This posting was written by Jeffrey May, Editor of CCH Trade Regulation Reporter.
The federal district court in Brooklyn, New York, has denied a request from United Air Lines to dismiss price fixing claims brought against the carrier by DHL—a major shipper of air cargo.
The court rejected United’s contentions that the claims were discharged in bankruptcy or barred by the statute of limitations. In addition, DHL’s claims were found to have been adequately alleged to survive a motion to dismiss.
Discharge of Claims in Bankruptcy
DHL’s antitrust claims were not discharged in bankruptcy, even though the action was filed after a bankruptcy court confirmed United’s plan of reorganization in proceedings pursuant to Chapter 11 of the Bankruptcy Code.
Generally, a claim that arose before the confirmation of the debtor’s reorganization plan was dismissed as having been discharged in bankruptcy. However, discharge of the shipper’s antitrust claim would not have satisfied due process unless United provided sufficient information to apprise the shipper of the nature of the claim to be discharged.
Accepting the allegations in the complaint as true, United was aware of its involvement in the conspiracy to fix surcharges and, thus, of the antitrust claim against it, while the shipper was completely unaware of the antitrust conspiracy and could not have learned of its antitrust claim through the exercise of reasonable diligence until after the confirmation of the reorganization plan.
If United had no obligation to notify DHL of a potential antitrust claim because there was no such claim, then United would prevail on the merits and would not be liable just as it would not be liable if DHL’s antitrust claim had been discharged. The court also rejected United’s contention that DHL was required to seek relief from the bankruptcy court that issued the confirmation order.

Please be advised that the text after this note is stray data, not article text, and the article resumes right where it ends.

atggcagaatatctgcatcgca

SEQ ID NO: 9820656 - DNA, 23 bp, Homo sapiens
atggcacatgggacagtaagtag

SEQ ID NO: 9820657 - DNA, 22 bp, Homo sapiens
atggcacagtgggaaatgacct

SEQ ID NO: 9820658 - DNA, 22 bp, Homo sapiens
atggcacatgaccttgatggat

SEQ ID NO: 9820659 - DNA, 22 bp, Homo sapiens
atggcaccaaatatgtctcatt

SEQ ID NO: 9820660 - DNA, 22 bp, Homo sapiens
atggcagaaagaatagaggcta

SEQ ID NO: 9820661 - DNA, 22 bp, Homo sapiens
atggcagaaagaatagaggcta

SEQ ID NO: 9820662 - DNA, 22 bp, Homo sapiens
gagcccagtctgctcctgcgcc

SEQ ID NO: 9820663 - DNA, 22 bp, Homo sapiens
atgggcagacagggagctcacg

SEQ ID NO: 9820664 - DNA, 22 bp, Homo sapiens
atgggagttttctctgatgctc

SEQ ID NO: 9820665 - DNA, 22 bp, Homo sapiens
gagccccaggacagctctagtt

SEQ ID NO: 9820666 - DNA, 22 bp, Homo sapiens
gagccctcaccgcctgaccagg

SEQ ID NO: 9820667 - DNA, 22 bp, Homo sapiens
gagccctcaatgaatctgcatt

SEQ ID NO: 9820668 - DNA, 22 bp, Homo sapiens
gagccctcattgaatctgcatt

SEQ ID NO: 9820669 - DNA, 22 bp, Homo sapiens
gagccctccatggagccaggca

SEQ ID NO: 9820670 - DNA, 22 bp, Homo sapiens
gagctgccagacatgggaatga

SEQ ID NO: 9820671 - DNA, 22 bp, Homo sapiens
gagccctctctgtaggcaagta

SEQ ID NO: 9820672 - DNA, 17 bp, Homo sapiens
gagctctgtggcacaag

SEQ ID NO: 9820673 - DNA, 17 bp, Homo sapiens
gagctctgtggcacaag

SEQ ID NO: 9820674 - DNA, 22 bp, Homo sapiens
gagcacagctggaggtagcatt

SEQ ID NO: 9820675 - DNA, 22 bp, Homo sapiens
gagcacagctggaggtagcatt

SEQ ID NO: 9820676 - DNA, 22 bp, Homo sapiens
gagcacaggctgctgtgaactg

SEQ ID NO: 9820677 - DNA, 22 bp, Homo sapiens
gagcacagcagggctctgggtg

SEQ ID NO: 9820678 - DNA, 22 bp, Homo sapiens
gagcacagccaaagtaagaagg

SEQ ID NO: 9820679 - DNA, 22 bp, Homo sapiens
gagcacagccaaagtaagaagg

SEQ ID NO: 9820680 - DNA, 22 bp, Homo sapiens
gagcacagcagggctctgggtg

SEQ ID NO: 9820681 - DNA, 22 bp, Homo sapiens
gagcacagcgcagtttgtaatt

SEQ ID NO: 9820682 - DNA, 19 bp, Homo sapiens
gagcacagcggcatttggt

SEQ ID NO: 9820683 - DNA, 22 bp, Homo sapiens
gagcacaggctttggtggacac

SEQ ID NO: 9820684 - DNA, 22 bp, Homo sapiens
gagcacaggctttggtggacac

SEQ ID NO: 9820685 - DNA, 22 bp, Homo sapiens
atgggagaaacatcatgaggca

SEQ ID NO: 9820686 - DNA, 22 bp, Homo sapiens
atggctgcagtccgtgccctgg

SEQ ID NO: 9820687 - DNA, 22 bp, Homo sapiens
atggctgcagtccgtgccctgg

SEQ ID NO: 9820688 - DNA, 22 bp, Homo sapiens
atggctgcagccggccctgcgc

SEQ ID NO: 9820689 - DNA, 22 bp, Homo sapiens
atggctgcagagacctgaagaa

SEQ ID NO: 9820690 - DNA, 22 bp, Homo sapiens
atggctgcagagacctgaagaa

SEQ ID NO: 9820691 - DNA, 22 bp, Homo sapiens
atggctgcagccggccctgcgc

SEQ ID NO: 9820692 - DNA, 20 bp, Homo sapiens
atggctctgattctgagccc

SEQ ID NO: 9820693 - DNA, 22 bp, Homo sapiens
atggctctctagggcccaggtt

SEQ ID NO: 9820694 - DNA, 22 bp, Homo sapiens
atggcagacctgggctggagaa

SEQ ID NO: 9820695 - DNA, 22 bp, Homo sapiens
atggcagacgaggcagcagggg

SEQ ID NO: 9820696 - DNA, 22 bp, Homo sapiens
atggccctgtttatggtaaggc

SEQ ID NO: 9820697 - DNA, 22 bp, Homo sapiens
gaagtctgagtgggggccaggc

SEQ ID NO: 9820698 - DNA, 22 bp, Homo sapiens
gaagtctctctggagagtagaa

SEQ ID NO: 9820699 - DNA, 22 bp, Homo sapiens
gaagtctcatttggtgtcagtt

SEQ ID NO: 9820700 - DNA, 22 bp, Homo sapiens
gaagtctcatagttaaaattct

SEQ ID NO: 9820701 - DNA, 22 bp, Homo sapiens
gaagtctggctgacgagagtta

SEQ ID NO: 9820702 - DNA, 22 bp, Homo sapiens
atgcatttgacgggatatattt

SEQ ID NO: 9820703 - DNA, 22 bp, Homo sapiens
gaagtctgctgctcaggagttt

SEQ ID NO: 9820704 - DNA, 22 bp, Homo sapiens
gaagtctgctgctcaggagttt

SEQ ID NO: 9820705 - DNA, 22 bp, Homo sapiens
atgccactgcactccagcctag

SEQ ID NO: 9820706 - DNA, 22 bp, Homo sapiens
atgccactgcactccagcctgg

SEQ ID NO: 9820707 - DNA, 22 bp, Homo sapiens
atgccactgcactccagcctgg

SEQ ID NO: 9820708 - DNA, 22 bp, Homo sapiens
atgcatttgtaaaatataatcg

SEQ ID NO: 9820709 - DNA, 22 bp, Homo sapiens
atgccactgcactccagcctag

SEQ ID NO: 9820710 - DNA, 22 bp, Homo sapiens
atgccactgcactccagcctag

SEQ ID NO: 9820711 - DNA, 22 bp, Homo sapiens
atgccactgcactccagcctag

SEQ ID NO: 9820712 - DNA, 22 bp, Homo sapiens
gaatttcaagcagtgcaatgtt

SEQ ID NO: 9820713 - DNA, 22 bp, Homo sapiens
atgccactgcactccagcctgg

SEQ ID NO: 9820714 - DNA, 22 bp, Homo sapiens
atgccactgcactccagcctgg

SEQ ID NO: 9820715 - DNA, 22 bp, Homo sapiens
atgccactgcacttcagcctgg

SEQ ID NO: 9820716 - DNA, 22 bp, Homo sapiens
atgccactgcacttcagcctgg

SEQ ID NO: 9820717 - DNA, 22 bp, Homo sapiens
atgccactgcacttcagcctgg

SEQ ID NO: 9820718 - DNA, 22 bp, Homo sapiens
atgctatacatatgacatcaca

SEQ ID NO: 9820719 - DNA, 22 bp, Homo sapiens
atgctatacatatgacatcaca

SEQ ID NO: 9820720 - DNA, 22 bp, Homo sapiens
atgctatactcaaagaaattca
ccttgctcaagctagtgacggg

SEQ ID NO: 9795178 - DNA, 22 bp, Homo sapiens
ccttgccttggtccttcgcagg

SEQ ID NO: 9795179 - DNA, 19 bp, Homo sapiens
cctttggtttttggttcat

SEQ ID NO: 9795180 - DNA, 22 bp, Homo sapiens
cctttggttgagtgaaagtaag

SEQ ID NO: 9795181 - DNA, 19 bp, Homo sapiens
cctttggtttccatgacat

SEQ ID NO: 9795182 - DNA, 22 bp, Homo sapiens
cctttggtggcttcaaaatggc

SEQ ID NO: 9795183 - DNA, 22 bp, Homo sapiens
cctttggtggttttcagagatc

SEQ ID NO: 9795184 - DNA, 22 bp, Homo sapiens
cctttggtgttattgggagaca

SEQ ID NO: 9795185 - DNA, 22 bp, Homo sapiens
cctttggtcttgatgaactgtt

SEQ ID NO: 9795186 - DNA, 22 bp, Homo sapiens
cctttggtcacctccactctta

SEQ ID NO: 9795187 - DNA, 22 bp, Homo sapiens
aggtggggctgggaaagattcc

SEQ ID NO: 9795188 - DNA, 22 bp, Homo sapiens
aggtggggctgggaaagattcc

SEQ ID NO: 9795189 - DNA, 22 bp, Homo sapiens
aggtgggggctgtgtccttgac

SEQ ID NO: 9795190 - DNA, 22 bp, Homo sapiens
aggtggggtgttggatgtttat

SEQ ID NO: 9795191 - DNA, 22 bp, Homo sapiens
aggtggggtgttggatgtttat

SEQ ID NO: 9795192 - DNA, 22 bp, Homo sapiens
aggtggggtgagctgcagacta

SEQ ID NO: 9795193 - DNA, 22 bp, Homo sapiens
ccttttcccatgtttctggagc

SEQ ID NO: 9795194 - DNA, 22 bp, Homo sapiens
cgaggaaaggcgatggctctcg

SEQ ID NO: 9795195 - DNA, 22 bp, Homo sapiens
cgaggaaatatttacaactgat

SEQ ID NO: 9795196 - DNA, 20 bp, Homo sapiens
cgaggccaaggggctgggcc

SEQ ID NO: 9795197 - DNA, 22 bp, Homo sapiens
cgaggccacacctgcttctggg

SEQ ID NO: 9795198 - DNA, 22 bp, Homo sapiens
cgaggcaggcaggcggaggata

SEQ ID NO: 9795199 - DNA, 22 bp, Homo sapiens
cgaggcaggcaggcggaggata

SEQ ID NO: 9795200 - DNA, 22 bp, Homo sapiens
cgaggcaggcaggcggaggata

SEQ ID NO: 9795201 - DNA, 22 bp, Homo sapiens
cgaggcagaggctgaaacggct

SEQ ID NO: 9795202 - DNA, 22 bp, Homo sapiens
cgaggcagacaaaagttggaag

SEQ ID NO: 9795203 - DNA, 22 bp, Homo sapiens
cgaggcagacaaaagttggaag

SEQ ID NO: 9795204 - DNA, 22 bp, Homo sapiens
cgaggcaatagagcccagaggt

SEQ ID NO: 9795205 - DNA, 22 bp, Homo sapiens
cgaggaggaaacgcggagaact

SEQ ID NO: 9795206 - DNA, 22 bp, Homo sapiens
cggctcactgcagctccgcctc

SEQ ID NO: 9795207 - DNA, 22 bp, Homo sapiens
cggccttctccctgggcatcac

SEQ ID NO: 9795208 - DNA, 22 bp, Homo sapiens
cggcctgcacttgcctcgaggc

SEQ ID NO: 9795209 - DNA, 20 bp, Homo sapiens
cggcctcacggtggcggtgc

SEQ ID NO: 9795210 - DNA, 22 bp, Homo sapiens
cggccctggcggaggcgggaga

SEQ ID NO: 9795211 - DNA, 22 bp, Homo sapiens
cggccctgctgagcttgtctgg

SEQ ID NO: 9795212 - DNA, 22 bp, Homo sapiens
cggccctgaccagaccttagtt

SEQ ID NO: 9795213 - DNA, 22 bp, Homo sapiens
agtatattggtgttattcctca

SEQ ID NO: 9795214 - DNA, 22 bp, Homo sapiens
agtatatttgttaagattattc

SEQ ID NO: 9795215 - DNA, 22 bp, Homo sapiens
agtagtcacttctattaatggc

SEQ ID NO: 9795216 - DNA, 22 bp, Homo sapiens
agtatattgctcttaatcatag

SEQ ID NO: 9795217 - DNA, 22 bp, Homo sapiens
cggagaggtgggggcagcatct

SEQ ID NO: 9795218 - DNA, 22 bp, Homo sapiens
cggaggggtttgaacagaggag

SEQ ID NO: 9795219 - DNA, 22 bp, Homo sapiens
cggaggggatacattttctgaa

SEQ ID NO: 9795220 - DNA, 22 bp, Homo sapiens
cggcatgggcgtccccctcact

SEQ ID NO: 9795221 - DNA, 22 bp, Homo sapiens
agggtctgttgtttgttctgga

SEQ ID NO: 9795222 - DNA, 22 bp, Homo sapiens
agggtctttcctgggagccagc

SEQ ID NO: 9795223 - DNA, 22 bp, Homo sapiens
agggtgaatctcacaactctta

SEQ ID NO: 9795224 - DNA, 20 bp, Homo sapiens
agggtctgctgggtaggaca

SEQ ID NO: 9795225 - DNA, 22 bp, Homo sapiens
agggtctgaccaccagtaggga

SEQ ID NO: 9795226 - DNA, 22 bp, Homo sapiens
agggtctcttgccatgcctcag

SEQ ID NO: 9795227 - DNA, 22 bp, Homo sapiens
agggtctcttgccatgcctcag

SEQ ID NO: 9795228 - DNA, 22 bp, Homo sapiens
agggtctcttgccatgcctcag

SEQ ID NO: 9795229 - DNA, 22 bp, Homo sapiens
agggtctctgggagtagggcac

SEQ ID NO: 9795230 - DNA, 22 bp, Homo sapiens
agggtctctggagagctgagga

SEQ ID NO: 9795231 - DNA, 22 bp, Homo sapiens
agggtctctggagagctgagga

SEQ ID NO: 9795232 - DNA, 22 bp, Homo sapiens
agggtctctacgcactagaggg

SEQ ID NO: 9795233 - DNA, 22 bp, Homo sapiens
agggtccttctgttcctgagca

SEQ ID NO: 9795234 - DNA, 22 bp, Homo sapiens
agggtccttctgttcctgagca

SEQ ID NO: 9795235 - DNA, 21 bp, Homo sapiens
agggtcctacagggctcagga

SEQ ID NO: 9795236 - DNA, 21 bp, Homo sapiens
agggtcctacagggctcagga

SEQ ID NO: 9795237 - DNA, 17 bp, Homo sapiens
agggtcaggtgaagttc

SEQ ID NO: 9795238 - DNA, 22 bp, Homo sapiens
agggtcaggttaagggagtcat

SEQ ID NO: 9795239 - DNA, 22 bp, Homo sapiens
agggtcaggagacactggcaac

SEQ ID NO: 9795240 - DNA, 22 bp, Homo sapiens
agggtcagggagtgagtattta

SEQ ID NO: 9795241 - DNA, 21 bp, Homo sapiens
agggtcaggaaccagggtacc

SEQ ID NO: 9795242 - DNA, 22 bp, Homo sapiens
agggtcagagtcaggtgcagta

Statute of Limitations
DHL’s claims were not time-barred because the filing of a price fixing class action, in which DHL had been a putative class member, tolled the statute of limitations until United was dropped from the class action. DHL’s action against United was brought within four years of the class plaintiffs’ filing of an amended complaint that did not name United as a defendant.
The court disagreed with United’s assertion that tolling from the class action ended with a non-monetary settlement between United and the class plaintiffs. Until the filing of the amended complaint dropping United as a defendant there could be no certainty that the settlement had been consummated.
Absent class members were entitled to rely on the class action to press their claims against United until they had a definitive indication that such claims would not go forward, the court reasoned. The first such indication was the omission of United from the amended complaint. Tolling continued until the absent class members could have reasonably determined from a review of the docket that United was no longer a defendant in the case.
DHL plausibly alleged that United participated in the conspiracy to fix surcharges on air cargo shipments for fuel and security costs, the court ruled. The shipper alleged United’s active role in developing, advocating, and following the fuel surcharge practices collectively developed by the airlines. Moreover, the claim was not implausible simply because United had thus far avoided any criminal or civil liability relating to the alleged conspiracy.
Although the coordination of fuel surcharges began through meetings of International Air Transport Association members, including United, any limited antitrust immunity granted by the U.S. Department of Transportation for IATA conduct did not immunize the subsequent decision by the airlines to coordinate their fuel surcharges. Similarly, any immunity arising out of United’s alliance with German carrier Lufthansa did not extend to the challenged conduct, the court held.
The decision is DPWN Holdings (USA), Inc. v. United Air Lines, Inc., 2012-1 Trade Cases ¶77,897.